Protein regulation by self-association
We are interested in the contributions of protein aggregation to the functions of regulatory proteins such as transcription factors and signaling proteins. How frequently do these proteins aggregate in a non-pathological context, and what are the consequences? We seek to address these questions systematically and quantitatively with novel approaches to characterize the distribution of aggregated states of individual proteins within large cell populations .
Contributions of protein aggregation to cell individuality and differentiation
Despite being genetically identical, individual cells within clonal populations are often phenotypically distinct. These distinctions facilitate cooperative interactions between cells, contribute to the overall fitness of cell populations, and may even accelerate the somatic evolution of tumors. As a stochastic process that can occur in virtually all cells, protein aggregation stands to be a major contributor to non-genetic cell individuality. To overcome the experimental difficulties imposed by the normally chaotic process of protein aggregation, we employ a subset of well-behaved proteins whose aggregated states perpetuate themselves through specific, self-sustaining protein-folding cascades. These proteins, known as prions, form epigenetically stable states that allow for the precise experimental manipulation of aggregate frequencies and therefore the elucidation of fitness interactions between aggregate-free and aggregate-containing cells. Using this system in the genetically tractable model organism, the baker’s yeast Saccharomyces cerevisiae, we seek to understand how the stochastic appearance and self-sustaining nature of protein aggregates influences not only the fitness of individual cells, but of the cell populations and organisms that harbor them.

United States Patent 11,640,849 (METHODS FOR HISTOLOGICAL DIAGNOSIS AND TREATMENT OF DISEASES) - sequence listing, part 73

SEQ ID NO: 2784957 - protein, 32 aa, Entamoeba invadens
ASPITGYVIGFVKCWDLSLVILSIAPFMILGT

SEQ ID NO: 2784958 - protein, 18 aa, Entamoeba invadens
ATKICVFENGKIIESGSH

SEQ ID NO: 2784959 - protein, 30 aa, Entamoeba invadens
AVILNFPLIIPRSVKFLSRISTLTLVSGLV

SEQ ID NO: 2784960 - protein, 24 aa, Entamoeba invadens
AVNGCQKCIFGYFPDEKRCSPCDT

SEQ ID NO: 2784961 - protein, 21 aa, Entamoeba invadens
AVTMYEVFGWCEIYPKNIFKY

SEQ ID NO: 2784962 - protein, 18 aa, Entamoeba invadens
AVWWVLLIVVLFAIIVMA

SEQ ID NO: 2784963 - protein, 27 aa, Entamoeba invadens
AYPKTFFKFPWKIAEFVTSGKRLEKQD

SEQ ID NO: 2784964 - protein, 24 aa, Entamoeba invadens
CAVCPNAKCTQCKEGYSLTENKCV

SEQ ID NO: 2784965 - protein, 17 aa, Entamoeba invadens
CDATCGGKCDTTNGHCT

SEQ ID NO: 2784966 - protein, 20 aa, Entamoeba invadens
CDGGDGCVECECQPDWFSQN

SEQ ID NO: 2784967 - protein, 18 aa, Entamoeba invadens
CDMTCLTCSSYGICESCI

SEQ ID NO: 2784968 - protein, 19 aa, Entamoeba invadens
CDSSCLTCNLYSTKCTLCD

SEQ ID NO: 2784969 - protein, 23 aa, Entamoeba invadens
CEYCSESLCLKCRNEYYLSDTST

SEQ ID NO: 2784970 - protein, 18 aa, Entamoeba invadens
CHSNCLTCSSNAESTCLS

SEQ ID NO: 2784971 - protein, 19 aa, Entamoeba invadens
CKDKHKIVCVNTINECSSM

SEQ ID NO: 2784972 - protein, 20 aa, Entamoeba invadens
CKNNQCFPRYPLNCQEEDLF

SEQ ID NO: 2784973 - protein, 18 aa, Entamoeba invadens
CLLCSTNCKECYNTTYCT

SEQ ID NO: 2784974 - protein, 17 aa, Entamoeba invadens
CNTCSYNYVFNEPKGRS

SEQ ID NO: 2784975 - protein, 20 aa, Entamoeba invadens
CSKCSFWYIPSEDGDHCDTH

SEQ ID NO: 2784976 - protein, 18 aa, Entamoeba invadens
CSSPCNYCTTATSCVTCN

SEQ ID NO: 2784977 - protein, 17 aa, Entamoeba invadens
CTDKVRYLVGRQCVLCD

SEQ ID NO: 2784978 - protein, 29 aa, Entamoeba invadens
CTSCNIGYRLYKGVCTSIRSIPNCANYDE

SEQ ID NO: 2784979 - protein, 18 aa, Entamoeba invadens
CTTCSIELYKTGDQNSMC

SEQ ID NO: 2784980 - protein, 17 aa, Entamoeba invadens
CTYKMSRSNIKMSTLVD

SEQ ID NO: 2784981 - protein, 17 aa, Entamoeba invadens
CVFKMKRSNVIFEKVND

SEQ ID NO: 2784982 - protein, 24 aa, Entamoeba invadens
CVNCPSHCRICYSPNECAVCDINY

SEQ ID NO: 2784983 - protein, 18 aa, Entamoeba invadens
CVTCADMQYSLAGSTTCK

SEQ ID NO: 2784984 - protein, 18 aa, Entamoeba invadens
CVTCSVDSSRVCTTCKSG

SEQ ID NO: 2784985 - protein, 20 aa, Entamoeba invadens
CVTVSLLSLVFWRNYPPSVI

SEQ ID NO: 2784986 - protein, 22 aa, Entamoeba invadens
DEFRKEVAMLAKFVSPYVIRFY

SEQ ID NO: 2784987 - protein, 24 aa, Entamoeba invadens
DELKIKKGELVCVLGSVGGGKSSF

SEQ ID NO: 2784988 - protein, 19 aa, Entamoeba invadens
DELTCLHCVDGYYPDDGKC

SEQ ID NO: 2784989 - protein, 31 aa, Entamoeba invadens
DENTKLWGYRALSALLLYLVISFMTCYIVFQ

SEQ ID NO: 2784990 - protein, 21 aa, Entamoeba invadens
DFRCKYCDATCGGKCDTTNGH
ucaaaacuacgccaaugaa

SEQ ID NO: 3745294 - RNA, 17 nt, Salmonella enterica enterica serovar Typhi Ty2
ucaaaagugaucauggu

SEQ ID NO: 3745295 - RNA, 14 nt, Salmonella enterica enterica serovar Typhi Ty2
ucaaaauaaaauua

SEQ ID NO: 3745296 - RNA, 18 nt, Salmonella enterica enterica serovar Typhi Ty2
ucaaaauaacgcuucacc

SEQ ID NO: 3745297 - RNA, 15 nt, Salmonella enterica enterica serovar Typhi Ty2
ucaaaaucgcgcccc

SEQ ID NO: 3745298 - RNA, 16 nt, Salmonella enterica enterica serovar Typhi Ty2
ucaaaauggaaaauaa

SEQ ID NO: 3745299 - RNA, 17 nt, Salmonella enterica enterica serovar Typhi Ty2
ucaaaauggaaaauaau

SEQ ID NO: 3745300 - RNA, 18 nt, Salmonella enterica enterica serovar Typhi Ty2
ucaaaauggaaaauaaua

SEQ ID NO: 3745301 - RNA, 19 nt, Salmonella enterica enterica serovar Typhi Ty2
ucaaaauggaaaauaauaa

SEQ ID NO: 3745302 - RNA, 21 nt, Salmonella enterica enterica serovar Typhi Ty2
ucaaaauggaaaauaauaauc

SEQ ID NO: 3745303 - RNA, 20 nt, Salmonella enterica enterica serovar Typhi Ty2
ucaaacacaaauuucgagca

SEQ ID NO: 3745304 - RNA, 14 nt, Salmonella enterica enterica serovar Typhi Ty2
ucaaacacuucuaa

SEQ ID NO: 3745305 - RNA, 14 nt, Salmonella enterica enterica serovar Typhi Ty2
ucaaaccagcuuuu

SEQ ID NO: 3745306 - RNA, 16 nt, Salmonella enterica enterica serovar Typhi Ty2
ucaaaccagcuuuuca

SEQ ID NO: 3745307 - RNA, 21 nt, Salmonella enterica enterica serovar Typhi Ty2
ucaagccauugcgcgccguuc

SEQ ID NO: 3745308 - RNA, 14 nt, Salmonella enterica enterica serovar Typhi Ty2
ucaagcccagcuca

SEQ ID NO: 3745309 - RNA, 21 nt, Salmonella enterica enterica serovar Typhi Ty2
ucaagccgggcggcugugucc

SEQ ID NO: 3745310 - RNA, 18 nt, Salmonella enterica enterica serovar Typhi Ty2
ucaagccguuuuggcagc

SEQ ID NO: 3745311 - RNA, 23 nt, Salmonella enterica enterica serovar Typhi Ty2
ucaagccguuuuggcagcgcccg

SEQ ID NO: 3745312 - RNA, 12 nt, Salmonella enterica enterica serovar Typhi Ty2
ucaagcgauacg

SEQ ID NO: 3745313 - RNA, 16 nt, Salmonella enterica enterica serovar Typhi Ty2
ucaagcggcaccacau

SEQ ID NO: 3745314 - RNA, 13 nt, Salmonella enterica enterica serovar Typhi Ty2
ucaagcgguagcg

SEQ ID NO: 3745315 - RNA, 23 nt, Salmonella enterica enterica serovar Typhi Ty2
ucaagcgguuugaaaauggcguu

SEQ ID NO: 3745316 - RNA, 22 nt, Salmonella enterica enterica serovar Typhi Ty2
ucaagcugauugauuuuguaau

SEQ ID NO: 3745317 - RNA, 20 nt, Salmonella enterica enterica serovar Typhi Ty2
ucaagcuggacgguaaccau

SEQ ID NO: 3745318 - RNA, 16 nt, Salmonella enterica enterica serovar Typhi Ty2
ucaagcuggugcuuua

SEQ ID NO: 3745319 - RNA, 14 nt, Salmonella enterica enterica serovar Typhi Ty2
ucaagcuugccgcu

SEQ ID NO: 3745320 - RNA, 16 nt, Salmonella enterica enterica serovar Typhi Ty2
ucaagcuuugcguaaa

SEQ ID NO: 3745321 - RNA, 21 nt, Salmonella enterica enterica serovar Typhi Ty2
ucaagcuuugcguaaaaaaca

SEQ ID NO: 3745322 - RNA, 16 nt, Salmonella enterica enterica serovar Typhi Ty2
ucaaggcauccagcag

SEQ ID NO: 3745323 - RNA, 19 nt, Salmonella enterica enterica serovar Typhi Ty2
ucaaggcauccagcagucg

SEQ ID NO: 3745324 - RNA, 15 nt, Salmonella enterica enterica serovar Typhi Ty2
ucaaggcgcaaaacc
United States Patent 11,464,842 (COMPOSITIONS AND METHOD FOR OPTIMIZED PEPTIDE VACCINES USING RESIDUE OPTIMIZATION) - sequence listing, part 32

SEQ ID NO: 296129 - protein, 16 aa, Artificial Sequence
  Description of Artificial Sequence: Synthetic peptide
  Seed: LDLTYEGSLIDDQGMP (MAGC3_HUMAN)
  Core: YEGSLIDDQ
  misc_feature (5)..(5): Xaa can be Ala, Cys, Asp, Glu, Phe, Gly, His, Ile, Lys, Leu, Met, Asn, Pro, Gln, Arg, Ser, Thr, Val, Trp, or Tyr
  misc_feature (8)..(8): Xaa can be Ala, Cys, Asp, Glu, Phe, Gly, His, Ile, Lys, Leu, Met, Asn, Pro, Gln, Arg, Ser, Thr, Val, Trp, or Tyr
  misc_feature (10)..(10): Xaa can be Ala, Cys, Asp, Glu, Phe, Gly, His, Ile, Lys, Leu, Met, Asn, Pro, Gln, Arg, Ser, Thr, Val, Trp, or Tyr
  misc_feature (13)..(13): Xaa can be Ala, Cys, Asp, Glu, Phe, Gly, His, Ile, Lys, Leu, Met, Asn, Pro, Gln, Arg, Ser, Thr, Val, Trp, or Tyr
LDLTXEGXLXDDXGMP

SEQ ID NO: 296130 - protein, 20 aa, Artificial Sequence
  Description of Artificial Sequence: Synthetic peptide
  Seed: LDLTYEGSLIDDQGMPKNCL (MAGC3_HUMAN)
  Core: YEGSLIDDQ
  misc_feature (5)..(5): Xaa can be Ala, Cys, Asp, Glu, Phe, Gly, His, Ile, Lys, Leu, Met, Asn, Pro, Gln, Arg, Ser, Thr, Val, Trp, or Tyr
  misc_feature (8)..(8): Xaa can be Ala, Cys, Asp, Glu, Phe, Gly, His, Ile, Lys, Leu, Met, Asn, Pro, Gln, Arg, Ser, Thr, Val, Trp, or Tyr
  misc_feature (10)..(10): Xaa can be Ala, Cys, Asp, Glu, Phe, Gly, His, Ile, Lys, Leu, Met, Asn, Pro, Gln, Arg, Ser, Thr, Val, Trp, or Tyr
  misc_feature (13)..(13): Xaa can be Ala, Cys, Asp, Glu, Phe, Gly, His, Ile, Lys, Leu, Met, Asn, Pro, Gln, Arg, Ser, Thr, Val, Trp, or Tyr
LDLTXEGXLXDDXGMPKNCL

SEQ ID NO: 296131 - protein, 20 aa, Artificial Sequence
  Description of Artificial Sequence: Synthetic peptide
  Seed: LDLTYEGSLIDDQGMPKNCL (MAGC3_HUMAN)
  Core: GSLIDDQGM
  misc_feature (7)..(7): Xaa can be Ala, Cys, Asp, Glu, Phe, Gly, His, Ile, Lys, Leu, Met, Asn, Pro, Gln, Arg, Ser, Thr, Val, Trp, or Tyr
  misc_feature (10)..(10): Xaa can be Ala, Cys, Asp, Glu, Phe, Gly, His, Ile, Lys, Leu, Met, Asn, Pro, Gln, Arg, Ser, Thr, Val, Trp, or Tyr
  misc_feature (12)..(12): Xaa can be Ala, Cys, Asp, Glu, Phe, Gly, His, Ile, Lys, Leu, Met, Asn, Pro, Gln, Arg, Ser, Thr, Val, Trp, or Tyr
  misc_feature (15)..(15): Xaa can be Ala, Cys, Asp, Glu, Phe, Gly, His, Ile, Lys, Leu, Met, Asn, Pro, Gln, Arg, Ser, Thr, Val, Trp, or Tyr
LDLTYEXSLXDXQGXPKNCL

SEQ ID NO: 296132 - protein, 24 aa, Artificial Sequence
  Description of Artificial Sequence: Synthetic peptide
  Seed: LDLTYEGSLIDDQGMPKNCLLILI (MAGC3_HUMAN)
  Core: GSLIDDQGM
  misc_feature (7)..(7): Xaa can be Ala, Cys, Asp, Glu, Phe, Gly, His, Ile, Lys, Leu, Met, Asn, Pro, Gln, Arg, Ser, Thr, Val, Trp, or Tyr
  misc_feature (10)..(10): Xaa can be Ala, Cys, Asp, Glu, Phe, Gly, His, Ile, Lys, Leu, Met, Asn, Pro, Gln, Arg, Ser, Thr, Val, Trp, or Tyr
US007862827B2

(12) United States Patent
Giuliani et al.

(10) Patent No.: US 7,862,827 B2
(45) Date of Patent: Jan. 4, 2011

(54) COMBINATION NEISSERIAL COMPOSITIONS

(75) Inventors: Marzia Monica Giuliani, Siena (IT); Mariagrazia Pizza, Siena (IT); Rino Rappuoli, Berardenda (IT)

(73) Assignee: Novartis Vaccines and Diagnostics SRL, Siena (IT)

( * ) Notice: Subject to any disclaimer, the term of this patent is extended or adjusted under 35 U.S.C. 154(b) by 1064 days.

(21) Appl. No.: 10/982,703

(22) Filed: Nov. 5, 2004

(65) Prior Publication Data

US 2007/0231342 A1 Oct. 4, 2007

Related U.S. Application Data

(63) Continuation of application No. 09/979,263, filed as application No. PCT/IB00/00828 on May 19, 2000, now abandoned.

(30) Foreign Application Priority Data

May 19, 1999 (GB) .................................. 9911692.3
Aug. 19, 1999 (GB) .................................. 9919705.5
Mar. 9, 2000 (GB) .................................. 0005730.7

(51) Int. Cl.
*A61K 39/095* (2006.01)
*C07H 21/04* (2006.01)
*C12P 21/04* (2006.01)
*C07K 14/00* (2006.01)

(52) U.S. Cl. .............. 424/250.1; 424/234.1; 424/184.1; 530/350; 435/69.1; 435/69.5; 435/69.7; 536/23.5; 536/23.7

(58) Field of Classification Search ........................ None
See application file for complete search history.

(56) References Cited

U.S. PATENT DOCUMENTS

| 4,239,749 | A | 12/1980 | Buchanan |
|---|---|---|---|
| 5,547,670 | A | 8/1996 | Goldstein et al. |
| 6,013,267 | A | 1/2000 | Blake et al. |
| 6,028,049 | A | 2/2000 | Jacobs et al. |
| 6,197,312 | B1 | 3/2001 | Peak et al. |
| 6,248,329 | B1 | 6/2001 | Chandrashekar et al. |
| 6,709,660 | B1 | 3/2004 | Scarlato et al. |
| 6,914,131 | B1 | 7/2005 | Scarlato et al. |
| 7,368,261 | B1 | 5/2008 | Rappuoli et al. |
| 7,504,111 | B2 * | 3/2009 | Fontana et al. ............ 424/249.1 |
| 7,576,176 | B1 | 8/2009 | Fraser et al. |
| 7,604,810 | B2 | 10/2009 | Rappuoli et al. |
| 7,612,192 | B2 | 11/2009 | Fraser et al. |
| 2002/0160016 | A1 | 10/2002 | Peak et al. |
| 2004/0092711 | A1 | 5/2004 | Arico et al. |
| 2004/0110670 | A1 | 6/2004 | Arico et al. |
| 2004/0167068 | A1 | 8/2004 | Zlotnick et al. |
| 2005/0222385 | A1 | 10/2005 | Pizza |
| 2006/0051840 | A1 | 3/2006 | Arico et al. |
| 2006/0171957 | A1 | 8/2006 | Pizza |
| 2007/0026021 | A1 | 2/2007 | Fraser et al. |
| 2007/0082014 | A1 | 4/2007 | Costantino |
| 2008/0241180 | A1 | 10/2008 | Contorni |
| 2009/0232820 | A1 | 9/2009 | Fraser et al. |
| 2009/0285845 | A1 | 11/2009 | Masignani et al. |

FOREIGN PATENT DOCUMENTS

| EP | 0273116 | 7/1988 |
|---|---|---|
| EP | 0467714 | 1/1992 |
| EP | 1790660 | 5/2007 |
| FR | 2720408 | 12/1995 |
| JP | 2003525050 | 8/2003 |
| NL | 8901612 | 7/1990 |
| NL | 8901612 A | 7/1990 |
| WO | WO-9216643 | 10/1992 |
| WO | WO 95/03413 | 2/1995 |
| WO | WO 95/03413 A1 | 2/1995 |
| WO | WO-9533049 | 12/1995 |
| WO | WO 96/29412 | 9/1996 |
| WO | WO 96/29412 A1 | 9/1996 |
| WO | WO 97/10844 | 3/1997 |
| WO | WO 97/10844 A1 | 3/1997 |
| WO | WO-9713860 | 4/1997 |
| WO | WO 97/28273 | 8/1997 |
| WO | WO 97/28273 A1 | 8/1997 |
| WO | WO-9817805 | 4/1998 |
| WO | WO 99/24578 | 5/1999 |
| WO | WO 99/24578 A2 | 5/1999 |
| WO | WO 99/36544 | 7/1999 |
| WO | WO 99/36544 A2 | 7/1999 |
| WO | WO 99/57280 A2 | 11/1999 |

In 2013, we reported that a yeast transcription factor, Mot3, reversibly acquires a prion form in response to natural environmental changes. The prion causes yeast cells to grow in a multicellular fashion, and thereby acts as an environmentally-responsive determinant of cell fate. We are investigating additional roles of prions in cell differentiation, including metabolic divisions of labor leading to cooperative, self-sustaining partnerships.
Differentiation and self-organization within yeast communities
Contrasting with the common perception of yeasts as “unicellular,” they in fact naturally form complex communities that have defining characteristics of multicellular organisms. Our discovery that prions can act as epigenetic determinants of cell differentiation has driven us to consider broader questions involving multicellularity in its own right. Despite yeast being one of the most thoroughly studied organisms in biology, we know very little about the functions of multicellularity and the mechanisms by which cell fate are assigned within yeast communities. These omissions hinder a fuller biomedical realization of yeast as a model organism. We seek to leverage our expertise with prions and cell-to-cell heterogeneity to bridge this knowledge gap.